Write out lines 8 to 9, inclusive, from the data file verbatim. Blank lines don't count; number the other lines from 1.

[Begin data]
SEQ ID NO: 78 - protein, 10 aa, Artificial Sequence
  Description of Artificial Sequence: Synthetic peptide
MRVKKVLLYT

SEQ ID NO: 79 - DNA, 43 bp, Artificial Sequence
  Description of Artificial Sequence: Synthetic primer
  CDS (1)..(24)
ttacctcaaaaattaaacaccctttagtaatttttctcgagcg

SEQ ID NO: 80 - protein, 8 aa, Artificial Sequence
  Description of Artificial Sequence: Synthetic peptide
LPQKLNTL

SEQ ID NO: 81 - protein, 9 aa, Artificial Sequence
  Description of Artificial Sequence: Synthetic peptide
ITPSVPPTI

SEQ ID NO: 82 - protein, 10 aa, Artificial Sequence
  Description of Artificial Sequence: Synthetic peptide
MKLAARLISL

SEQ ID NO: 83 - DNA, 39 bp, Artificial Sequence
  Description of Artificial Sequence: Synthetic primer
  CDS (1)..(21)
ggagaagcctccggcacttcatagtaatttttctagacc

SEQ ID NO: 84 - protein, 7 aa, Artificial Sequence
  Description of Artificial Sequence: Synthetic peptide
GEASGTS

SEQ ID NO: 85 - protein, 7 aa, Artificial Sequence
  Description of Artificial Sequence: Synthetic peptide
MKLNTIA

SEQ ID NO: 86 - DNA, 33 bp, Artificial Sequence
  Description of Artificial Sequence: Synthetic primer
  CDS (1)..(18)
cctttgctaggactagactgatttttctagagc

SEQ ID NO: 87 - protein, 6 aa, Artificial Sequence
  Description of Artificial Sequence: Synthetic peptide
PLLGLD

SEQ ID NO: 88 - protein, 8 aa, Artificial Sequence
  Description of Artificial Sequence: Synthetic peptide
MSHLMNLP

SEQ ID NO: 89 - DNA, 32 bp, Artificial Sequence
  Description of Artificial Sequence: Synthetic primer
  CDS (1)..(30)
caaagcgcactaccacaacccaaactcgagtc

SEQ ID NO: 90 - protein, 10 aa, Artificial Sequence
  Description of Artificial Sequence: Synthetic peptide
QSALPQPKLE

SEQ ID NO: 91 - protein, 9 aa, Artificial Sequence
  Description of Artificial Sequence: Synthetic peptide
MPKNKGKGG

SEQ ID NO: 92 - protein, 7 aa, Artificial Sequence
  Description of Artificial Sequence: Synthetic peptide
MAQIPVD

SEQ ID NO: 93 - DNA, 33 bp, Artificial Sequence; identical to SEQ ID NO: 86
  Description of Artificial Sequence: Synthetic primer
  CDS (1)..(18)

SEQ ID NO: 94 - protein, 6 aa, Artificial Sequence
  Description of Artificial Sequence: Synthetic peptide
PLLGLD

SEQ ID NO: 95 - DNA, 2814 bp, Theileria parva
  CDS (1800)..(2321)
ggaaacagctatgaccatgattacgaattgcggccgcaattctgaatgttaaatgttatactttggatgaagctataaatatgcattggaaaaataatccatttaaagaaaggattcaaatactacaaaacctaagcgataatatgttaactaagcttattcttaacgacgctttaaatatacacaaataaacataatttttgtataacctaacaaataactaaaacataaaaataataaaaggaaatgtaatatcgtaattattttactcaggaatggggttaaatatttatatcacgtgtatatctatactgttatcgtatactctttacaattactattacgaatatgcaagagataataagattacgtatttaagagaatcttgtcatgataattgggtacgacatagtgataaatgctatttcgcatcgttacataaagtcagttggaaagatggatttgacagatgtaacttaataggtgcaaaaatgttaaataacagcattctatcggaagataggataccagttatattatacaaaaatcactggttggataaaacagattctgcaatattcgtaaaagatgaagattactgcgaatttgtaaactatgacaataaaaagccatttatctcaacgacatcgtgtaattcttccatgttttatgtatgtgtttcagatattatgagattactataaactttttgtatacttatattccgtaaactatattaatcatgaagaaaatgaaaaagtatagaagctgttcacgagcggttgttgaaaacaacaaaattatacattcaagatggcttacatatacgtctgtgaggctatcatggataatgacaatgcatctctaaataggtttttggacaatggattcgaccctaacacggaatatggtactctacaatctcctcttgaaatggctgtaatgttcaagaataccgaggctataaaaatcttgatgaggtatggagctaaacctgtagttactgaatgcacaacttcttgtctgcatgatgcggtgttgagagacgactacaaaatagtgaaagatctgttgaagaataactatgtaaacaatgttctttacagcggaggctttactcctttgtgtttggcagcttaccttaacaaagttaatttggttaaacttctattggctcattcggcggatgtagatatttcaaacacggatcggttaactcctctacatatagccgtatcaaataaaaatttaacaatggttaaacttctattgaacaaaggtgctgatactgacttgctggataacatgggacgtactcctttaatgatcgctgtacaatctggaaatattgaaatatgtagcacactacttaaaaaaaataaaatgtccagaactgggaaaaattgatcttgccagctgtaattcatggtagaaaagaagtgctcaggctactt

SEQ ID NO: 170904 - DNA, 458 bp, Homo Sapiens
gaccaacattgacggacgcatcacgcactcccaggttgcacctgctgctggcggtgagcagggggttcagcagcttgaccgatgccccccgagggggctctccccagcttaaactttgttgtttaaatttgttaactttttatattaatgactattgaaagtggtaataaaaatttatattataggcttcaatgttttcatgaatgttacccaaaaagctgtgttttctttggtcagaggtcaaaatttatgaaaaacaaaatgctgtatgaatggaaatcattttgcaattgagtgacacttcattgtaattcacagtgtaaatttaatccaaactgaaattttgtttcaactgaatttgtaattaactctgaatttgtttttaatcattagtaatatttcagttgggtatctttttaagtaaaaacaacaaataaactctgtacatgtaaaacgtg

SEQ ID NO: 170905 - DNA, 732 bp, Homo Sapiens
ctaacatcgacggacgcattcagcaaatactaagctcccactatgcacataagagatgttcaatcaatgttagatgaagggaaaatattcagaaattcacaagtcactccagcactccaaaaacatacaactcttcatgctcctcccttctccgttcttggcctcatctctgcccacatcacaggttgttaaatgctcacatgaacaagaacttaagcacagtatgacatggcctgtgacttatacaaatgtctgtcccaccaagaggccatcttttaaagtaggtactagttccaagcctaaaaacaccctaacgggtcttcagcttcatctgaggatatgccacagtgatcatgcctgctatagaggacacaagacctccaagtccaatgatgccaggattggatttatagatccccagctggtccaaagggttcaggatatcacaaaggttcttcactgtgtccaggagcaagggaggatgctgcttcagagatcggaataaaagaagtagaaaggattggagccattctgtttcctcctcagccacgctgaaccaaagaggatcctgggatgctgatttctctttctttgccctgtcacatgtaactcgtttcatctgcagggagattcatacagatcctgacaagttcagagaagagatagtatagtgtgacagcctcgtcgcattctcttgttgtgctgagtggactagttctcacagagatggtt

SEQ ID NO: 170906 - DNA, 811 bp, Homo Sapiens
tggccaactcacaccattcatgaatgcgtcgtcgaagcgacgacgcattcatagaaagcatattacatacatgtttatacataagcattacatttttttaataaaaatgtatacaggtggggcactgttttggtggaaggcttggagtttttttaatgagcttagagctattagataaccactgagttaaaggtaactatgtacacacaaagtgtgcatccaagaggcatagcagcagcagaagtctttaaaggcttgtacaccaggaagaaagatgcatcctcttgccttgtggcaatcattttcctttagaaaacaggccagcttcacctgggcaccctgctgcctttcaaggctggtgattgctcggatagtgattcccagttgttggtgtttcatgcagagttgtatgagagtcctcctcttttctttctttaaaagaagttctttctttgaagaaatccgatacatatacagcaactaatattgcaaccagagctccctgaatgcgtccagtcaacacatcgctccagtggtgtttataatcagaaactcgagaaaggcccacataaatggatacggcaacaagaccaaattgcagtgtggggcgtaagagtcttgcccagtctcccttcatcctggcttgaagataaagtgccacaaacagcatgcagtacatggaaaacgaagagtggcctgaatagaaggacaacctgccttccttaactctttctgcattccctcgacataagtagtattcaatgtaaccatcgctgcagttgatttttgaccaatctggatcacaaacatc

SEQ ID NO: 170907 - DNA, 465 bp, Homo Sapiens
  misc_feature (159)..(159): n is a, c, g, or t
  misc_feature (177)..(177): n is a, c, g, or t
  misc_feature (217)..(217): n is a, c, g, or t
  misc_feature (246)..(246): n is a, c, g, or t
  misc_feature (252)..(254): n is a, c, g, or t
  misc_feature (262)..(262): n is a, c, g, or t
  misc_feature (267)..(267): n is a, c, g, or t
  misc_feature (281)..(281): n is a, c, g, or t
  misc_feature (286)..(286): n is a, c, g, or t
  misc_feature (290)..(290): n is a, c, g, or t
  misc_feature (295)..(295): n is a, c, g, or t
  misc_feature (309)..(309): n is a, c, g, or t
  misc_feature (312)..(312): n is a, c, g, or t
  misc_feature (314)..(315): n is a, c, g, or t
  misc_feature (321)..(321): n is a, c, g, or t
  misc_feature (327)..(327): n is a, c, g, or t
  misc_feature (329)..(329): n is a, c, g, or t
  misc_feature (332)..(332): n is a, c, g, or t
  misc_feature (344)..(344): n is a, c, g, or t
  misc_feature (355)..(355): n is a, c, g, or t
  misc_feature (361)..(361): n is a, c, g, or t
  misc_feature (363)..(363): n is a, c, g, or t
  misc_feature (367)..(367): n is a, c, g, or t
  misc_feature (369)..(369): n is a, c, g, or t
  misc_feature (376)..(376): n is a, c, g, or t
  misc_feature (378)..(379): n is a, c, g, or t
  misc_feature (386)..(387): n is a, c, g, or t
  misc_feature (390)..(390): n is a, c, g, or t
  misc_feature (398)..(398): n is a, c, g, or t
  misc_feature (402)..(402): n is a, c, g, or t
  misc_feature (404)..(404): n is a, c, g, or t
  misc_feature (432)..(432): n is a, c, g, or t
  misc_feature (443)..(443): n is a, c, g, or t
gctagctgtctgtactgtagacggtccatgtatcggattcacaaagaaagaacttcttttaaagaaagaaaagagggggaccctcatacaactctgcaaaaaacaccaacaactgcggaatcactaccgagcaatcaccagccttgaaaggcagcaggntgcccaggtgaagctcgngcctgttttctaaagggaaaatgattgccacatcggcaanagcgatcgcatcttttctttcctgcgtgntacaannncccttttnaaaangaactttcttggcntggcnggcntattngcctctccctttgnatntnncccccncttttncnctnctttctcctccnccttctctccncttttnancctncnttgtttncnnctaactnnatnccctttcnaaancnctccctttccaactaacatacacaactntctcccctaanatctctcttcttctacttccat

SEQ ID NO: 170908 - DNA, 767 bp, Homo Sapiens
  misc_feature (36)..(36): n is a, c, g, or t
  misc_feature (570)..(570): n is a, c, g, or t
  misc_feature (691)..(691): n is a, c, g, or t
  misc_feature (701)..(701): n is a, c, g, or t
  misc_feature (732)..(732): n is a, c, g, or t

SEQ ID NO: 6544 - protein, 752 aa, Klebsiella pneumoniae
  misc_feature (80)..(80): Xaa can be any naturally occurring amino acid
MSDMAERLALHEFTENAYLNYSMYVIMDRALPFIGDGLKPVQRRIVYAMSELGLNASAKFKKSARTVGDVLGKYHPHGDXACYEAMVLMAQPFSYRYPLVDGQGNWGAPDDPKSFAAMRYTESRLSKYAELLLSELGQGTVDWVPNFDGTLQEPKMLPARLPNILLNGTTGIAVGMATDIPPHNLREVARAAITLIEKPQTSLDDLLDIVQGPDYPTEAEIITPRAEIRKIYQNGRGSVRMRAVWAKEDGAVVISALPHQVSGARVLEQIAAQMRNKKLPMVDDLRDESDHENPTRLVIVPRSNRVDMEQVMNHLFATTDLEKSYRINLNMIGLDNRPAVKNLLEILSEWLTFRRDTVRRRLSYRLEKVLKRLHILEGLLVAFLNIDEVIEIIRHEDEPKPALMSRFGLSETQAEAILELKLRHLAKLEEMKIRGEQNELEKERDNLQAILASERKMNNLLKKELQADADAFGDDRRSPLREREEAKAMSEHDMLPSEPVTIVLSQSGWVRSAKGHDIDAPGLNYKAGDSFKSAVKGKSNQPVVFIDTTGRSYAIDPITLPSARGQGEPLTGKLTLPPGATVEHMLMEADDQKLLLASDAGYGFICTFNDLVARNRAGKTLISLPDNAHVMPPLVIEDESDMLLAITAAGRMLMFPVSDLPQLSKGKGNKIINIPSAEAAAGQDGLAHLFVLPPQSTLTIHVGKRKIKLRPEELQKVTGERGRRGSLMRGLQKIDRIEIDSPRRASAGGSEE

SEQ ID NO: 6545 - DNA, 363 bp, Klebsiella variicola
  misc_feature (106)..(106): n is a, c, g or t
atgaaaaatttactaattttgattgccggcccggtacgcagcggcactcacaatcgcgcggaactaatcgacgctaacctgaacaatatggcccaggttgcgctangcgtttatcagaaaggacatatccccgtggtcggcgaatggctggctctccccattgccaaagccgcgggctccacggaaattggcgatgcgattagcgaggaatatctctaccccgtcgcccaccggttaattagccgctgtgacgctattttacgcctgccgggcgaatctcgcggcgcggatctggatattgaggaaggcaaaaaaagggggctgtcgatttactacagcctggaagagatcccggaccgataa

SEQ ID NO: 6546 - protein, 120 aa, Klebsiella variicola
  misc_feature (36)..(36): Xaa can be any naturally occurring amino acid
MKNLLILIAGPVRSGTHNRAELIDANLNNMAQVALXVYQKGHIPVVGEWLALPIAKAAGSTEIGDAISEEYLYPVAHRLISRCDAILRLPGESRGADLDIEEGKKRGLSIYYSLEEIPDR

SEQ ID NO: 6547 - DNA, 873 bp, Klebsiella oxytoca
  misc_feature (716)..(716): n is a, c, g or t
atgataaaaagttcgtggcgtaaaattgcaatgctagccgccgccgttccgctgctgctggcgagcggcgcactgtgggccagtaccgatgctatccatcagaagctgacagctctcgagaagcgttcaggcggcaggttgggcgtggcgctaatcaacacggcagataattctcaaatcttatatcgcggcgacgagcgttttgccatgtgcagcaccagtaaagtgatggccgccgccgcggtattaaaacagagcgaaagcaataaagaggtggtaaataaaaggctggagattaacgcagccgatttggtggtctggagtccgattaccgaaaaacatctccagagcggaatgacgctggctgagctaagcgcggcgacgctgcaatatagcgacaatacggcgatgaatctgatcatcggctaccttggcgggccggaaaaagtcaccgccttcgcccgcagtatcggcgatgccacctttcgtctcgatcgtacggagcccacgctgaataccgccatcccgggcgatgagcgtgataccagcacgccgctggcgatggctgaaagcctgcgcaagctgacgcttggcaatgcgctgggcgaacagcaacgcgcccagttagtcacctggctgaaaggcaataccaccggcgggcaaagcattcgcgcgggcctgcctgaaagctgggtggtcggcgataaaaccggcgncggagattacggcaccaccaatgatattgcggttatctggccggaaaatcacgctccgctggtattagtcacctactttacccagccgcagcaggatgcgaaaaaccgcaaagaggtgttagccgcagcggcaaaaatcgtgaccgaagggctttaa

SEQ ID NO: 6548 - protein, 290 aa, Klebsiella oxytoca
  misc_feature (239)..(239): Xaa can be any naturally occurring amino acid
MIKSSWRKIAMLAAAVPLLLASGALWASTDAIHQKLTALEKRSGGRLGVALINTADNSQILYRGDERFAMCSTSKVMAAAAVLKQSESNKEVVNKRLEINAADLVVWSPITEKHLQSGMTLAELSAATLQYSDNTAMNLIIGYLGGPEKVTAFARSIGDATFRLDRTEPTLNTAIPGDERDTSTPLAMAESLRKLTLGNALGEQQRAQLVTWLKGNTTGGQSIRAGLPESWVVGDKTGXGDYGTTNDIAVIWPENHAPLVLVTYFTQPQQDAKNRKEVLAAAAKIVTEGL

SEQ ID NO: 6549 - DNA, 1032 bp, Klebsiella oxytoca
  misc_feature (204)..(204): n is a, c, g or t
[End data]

SEQ ID NO: 80 - protein, 8 aa, Artificial Sequence
  Description of Artificial Sequence: Synthetic peptide